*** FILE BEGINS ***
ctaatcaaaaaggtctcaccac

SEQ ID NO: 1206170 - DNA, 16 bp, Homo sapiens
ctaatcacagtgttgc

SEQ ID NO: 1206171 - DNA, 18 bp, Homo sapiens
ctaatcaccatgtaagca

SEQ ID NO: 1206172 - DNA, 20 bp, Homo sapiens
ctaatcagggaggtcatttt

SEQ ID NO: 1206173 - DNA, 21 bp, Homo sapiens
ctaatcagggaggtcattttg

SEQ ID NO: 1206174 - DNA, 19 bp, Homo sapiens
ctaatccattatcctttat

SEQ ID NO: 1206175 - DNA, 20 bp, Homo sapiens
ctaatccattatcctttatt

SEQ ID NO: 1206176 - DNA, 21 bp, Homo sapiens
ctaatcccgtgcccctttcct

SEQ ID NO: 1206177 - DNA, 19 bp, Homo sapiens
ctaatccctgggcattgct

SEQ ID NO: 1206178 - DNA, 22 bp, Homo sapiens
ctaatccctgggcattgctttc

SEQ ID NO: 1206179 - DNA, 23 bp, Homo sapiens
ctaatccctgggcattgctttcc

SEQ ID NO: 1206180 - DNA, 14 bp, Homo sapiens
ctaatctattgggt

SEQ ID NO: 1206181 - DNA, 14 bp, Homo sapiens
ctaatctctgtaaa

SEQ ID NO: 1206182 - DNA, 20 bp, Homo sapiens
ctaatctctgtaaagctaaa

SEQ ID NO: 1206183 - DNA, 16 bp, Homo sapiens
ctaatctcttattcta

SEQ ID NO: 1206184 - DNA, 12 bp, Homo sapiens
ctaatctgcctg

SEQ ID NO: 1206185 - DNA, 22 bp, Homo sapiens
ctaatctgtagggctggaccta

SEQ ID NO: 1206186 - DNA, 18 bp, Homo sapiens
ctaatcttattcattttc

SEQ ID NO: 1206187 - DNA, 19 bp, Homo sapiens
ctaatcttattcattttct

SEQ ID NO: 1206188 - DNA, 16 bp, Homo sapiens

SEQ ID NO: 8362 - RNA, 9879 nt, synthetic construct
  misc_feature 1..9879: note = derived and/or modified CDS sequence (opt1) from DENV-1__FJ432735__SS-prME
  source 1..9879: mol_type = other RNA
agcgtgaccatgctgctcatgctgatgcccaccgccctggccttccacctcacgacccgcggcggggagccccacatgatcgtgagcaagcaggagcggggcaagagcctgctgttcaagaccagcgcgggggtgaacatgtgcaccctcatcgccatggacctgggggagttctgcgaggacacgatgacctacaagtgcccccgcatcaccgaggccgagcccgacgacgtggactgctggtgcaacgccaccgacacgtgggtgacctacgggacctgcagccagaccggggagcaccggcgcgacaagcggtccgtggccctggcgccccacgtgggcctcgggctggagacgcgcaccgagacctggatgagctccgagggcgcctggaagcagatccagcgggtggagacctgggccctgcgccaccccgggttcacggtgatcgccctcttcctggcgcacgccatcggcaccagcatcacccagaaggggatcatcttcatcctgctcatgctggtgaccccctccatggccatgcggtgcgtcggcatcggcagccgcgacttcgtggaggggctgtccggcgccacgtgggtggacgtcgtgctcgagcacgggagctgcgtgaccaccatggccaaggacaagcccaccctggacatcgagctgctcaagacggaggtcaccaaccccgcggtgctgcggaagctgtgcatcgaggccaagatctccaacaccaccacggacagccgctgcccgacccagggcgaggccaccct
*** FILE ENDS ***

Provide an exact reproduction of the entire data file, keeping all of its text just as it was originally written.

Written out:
ctaatcaaaaaggtctcaccac

SEQ ID NO: 1206170 - DNA, 16 bp, Homo sapiens
ctaatcacagtgttgc

SEQ ID NO: 1206171 - DNA, 18 bp, Homo sapiens
ctaatcaccatgtaagca

SEQ ID NO: 1206172 - DNA, 20 bp, Homo sapiens
ctaatcagggaggtcatttt

SEQ ID NO: 1206173 - DNA, 21 bp, Homo sapiens
ctaatcagggaggtcattttg

SEQ ID NO: 1206174 - DNA, 19 bp, Homo sapiens
ctaatccattatcctttat

SEQ ID NO: 1206175 - DNA, 20 bp, Homo sapiens
ctaatccattatcctttatt

SEQ ID NO: 1206176 - DNA, 21 bp, Homo sapiens
ctaatcccgtgcccctttcct

SEQ ID NO: 1206177 - DNA, 19 bp, Homo sapiens
ctaatccctgggcattgct

SEQ ID NO: 1206178 - DNA, 22 bp, Homo sapiens
ctaatccctgggcattgctttc

SEQ ID NO: 1206179 - DNA, 23 bp, Homo sapiens
ctaatccctgggcattgctttcc

SEQ ID NO: 1206180 - DNA, 14 bp, Homo sapiens
ctaatctattgggt

SEQ ID NO: 1206181 - DNA, 14 bp, Homo sapiens
ctaatctctgtaaa

SEQ ID NO: 1206182 - DNA, 20 bp, Homo sapiens
ctaatctctgtaaagctaaa

SEQ ID NO: 1206183 - DNA, 16 bp, Homo sapiens
ctaatctcttattcta

SEQ ID NO: 1206184 - DNA, 12 bp, Homo sapiens
ctaatctgcctg

SEQ ID NO: 1206185 - DNA, 22 bp, Homo sapiens
ctaatctgtagggctggaccta

SEQ ID NO: 1206186 - DNA, 18 bp, Homo sapiens
ctaatcttattcattttc

SEQ ID NO: 1206187 - DNA, 19 bp, Homo sapiens
ctaatcttattcattttct

SEQ ID NO: 1206188 - DNA, 16 bp, Homo sapiens

SEQ ID NO: 8362 - RNA, 9879 nt, synthetic construct
  misc_feature 1..9879: note = derived and/or modified CDS sequence (opt1) from DENV-1__FJ432735__SS-prME
  source 1..9879: mol_type = other RNA
agcgtgaccatgctgctcatgctgatgcccaccgccctggccttccacctcacgacccgcggcggggagccccacatgatcgtgagcaagcaggagcggggcaagagcctgctgttcaagaccagcgcgggggtgaacatgtgcaccctcatcgccatggacctgggggagttctgcgaggacacgatgacctacaagtgcccccgcatcaccgaggccgagcccgacgacgtggactgctggtgcaacgccaccgacacgtgggtgacctacgggacctgcagccagaccggggagcaccggcgcgacaagcggtccgtggccctggcgccccacgtgggcctcgggctggagacgcgcaccgagacctggatgagctccgagggcgcctggaagcagatccagcgggtggagacctgggccctgcgccaccccgggttcacggtgatcgccctcttcctggcgcacgccatcggcaccagcatcacccagaaggggatcatcttcatcctgctcatgctggtgaccccctccatggccatgcggtgcgtcggcatcggcagccgcgacttcgtggaggggctgtccggcgccacgtgggtggacgtcgtgctcgagcacgggagctgcgtgaccaccatggccaaggacaagcccaccctggacatcgagctgctcaagacggaggtcaccaaccccgcggtgctgcggaagctgtgcatcgaggccaagatctccaacaccaccacggacagccgctgcccgacccagggcgaggccaccct